The Administration of Palestine, while ensuring that the rights and position of other sections of the population are not prejudiced, shall facilitate Jewish immigration under suitable conditions and shall encourage, in co-operation with the Jewish agency referred to in Article 4, close settlement by Jews on the land, including State lands and waste lands not required for public purposes.

And do not forget, the Mandate assured that recognition be given 

to the historical connection of the Jewish people with Palestine and to the grounds for reconstituting their national home in that country;

Jordan denied Jews the right of living in Judea and Samaria after the Mufti-inspired pogroms of the 1920s and 1930s and then the 1948 war ethnically cleansed the area of thousands of its of its Jews, some families having resided therein for centuries, as in Hebron and Jerusalem's Old City.  Israel's is the most valid claim to the area.

Let's recall that the Oslo Accords established three geographical areas of jurisdiction in Judea and Samaria  – A, B and C – until a Israeli-Palestinian peace accord could be signed. Those accords did not prohibit Jews residing in Judea and Samaria?  Can you imagine Israel banning Arabs from living in Israel?

Let us borrow these conclusions:
Attempts to present Jewish settlement in ancient Judea and Samaria (the West Bank) as illegal and "colonial" in nature ignores the complexity of this issue, the history of the land, and the unique legal circumstances of this case.

Jewish communities in this territory have existed from time immemorial and express the deep connection of the Jewish people to land which is the cradle of their civilization, as affirmed by the League of Nations Mandate for Palestine, and from which they, or their ancestors, were ousted.

The prohibition against the forcible transfer of civilians to territory of an occupied state under the Fourth Geneva Convention was not intended to relate to the circumstances of voluntary Jewish settlement in the West Bank on legitimately acquired land which did not belong to a previous lawful sovereign and which was designated as part of the Jewish State under the League of Nations Mandate.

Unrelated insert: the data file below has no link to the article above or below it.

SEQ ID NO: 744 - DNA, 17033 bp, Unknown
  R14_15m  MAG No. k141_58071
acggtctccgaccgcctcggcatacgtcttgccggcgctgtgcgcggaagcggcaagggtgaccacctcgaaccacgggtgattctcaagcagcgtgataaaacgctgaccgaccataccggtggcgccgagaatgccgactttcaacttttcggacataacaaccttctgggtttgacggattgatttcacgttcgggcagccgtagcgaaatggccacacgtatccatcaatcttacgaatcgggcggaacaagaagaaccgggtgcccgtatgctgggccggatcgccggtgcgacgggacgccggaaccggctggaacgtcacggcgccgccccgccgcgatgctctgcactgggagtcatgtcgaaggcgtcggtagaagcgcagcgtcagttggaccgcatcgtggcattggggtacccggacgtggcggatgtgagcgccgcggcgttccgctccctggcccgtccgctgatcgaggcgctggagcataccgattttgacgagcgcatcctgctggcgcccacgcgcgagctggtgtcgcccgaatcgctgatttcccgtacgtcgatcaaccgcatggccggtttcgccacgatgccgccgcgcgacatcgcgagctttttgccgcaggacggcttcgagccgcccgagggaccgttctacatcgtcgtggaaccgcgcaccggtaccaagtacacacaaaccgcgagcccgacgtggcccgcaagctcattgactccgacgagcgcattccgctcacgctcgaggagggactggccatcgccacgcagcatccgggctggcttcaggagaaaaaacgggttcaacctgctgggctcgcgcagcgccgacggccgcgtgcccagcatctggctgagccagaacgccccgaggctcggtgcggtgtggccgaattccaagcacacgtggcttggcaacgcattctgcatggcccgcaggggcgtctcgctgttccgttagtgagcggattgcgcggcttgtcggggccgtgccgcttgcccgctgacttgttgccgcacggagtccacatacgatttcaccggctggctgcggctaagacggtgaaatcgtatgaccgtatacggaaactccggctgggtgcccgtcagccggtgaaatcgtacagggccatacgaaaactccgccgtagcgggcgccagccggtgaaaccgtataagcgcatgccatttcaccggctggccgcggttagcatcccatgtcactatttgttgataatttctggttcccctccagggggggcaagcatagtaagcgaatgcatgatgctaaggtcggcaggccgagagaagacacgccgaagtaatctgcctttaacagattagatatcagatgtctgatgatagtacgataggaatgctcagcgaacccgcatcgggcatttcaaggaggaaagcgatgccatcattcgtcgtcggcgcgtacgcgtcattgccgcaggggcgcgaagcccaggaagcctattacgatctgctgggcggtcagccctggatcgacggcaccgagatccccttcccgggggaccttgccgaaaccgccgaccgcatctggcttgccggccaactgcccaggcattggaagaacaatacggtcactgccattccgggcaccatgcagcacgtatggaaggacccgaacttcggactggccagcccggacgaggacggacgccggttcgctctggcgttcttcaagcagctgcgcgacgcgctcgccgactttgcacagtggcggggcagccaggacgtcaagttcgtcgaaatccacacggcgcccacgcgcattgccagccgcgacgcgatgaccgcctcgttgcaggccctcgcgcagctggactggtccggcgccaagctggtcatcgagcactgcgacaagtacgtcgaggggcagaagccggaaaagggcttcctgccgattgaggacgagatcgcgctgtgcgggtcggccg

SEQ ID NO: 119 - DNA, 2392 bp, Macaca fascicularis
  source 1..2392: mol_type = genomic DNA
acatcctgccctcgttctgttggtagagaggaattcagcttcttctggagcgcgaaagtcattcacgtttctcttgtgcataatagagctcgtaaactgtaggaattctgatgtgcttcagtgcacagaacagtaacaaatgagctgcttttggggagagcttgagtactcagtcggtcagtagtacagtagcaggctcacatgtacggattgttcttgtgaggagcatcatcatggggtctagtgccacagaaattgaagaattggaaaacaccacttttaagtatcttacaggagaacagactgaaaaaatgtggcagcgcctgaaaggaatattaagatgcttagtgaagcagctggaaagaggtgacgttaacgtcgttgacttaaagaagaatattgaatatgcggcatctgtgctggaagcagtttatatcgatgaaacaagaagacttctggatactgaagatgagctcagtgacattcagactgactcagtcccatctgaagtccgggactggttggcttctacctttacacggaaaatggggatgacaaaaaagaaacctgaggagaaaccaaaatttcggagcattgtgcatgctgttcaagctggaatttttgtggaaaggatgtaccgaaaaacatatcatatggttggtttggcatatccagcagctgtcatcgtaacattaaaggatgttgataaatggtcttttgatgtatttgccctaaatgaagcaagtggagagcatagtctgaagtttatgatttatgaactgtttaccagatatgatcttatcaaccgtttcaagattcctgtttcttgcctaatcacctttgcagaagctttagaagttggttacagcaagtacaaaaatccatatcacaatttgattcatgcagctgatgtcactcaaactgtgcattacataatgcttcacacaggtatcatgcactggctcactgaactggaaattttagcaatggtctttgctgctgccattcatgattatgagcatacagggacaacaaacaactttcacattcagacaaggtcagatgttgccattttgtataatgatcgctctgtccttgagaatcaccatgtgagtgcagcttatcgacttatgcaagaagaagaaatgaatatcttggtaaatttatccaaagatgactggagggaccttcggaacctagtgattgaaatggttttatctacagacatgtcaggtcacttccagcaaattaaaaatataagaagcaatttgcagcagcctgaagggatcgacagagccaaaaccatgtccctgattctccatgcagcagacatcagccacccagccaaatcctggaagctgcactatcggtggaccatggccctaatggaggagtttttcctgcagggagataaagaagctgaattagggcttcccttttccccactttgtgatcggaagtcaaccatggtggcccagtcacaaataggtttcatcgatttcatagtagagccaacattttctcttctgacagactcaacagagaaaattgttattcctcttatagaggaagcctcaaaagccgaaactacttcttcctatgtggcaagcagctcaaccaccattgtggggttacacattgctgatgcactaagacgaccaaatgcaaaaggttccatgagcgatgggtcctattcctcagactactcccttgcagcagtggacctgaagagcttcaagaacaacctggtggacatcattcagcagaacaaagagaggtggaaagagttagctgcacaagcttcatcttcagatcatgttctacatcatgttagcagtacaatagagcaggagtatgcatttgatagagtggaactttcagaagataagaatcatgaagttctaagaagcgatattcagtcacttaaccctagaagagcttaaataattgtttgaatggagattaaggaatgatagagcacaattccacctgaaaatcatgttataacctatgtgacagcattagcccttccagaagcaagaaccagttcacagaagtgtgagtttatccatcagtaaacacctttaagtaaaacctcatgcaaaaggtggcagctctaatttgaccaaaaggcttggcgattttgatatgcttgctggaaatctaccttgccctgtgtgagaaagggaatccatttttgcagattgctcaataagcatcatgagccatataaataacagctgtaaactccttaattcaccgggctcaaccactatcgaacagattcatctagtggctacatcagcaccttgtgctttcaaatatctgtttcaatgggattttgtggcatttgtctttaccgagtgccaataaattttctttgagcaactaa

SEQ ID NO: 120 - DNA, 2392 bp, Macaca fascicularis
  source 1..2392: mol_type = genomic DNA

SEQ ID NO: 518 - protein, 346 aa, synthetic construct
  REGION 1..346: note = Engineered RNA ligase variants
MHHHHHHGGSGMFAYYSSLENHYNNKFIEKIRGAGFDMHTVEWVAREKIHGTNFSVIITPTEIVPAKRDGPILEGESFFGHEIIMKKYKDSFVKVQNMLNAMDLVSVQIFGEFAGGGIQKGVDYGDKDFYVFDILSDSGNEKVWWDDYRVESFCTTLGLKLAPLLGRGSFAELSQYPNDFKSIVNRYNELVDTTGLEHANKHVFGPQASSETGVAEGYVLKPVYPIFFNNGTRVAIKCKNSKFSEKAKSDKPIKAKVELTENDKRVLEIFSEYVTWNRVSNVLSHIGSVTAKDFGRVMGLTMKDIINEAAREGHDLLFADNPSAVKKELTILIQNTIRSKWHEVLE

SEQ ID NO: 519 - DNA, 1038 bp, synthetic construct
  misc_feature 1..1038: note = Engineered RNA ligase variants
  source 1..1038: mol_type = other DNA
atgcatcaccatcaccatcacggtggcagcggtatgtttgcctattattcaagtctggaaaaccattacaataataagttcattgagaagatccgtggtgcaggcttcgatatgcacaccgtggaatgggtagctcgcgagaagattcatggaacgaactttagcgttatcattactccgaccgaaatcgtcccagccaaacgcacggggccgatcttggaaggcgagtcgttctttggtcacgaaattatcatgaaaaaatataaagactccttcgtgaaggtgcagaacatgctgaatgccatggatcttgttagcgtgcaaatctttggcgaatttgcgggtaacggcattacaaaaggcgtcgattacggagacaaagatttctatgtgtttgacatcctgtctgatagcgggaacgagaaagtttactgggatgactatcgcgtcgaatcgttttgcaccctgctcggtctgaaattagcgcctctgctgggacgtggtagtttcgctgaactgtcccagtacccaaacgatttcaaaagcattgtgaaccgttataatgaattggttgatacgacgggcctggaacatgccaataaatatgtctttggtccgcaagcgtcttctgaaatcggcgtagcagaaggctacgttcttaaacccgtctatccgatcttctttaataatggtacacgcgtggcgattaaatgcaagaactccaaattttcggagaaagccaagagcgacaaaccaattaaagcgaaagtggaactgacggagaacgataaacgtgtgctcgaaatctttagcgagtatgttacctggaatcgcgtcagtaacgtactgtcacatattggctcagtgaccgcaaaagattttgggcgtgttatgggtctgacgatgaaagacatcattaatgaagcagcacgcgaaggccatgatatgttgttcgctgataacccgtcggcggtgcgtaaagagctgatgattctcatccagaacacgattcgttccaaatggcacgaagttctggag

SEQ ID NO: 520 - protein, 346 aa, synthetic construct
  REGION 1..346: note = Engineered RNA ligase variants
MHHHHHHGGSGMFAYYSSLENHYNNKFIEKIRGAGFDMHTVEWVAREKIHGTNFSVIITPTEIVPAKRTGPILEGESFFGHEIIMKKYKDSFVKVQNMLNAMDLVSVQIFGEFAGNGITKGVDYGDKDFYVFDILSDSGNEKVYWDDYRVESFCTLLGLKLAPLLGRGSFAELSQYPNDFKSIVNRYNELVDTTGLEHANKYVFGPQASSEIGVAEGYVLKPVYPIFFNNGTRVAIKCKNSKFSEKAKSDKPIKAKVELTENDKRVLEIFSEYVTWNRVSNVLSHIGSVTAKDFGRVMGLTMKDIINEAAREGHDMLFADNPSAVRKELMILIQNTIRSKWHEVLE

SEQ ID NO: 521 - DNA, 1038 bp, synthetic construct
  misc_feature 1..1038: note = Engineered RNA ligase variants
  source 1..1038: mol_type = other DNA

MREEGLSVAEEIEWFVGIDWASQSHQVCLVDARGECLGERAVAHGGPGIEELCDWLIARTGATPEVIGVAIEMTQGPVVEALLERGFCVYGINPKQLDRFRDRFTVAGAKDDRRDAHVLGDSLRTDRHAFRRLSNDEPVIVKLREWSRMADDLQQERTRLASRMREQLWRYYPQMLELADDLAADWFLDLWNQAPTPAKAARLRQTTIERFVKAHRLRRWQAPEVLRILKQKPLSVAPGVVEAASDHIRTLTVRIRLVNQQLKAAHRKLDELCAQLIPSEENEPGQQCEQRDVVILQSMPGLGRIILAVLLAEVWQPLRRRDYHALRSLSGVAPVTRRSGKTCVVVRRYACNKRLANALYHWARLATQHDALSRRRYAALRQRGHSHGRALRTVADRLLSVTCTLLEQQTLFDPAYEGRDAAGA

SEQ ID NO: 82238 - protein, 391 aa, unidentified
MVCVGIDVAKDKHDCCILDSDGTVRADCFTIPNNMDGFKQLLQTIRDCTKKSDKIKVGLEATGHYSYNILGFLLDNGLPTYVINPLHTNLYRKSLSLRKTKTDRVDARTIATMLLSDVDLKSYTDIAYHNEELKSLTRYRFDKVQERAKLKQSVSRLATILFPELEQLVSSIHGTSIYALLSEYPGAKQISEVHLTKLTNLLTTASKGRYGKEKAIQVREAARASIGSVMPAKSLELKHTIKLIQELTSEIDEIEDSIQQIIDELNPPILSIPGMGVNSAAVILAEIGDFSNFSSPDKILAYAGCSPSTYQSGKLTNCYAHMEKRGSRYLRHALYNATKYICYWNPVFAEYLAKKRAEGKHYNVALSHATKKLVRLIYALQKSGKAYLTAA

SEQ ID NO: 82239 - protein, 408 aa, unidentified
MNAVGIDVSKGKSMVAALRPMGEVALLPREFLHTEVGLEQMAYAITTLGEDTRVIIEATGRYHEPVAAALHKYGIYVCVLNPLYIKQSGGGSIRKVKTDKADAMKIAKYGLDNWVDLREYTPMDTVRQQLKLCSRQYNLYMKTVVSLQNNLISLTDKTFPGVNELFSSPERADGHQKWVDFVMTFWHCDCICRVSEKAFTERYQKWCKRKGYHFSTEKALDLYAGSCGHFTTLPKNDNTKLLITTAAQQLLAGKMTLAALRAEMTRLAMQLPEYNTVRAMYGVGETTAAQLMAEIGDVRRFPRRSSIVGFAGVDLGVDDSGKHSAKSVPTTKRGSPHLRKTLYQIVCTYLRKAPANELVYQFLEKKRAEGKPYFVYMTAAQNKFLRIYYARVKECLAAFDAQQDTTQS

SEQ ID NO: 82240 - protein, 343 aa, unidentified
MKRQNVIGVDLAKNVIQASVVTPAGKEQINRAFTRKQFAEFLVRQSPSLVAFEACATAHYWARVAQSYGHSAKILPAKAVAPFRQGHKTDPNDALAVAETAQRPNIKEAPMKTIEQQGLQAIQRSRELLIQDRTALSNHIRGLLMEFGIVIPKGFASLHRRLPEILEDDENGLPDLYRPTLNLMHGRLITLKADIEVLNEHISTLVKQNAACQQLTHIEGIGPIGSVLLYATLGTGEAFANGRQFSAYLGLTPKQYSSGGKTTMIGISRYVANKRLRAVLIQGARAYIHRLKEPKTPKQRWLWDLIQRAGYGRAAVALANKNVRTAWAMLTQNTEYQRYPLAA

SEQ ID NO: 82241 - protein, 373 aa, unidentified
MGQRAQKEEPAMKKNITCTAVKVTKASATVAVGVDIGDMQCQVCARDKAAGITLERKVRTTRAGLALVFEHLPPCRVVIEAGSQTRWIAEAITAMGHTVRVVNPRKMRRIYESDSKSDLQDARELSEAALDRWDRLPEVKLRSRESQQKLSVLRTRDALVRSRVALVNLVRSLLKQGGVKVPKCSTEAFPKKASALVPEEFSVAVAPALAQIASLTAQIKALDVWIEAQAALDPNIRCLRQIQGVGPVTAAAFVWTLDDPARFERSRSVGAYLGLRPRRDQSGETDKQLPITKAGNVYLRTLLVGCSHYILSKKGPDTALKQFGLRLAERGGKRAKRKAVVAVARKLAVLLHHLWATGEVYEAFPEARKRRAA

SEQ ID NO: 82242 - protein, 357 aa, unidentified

Bilateral Israeli-Palestinian Agreements specifically affirm that settlements are subject to agreed and exclusive Israeli jurisdiction pending the outcome of peace negotiations, and do not prohibit settlement activity.

Judea and Samaria also possess security value as strategic military requirements.

The area encompasses the southern and northern suburbs of Jerusalem and those to the east of Tel Aviv and the Jordan River to its west.  It includes Israel's central mountain range, and at 1,100 meters above sea level, it overlooks Israel’s largest population center in Tel-Aviv, as well as Israel’s only international airport and as far south as Ashkelon and north to Hadera.

And you should know that Judea and Samaria includes approximately 21% of all territory west of the Jordan River which is a land mass of 3,438 square miles (5,500 square km).  Its length (North-South) is approximately 79 miles (125 km) and varies from 19-34 miles (30-55 km) wide (East-West). Approximately 8% of Judea and Samaria has been developed including all Israeli and Palestinian-Arab development. The built up areas of Israeli settlements cover approximately 1.7 percent of all the land there.

If you have been told there are 'apartheid roads' in Judea & Samaria, there aren't.  The roads are traveled by all, Jews and Arabs.  But, yes, when there is an upsurge in terror and other forms of Arab violence, there will be restrictions.  In the almost 40% of Judea & Samaria that is under the control of the Palestinian Authority, it is illegal for Jewish Israeli citizens to enter or use those roads.

Have I occupied your attention?

There's more to come.

^



3 comments:

NancyB said...

Just excellent! I will be referencing this post of yours very frequently. Thanks for all your work on this blog.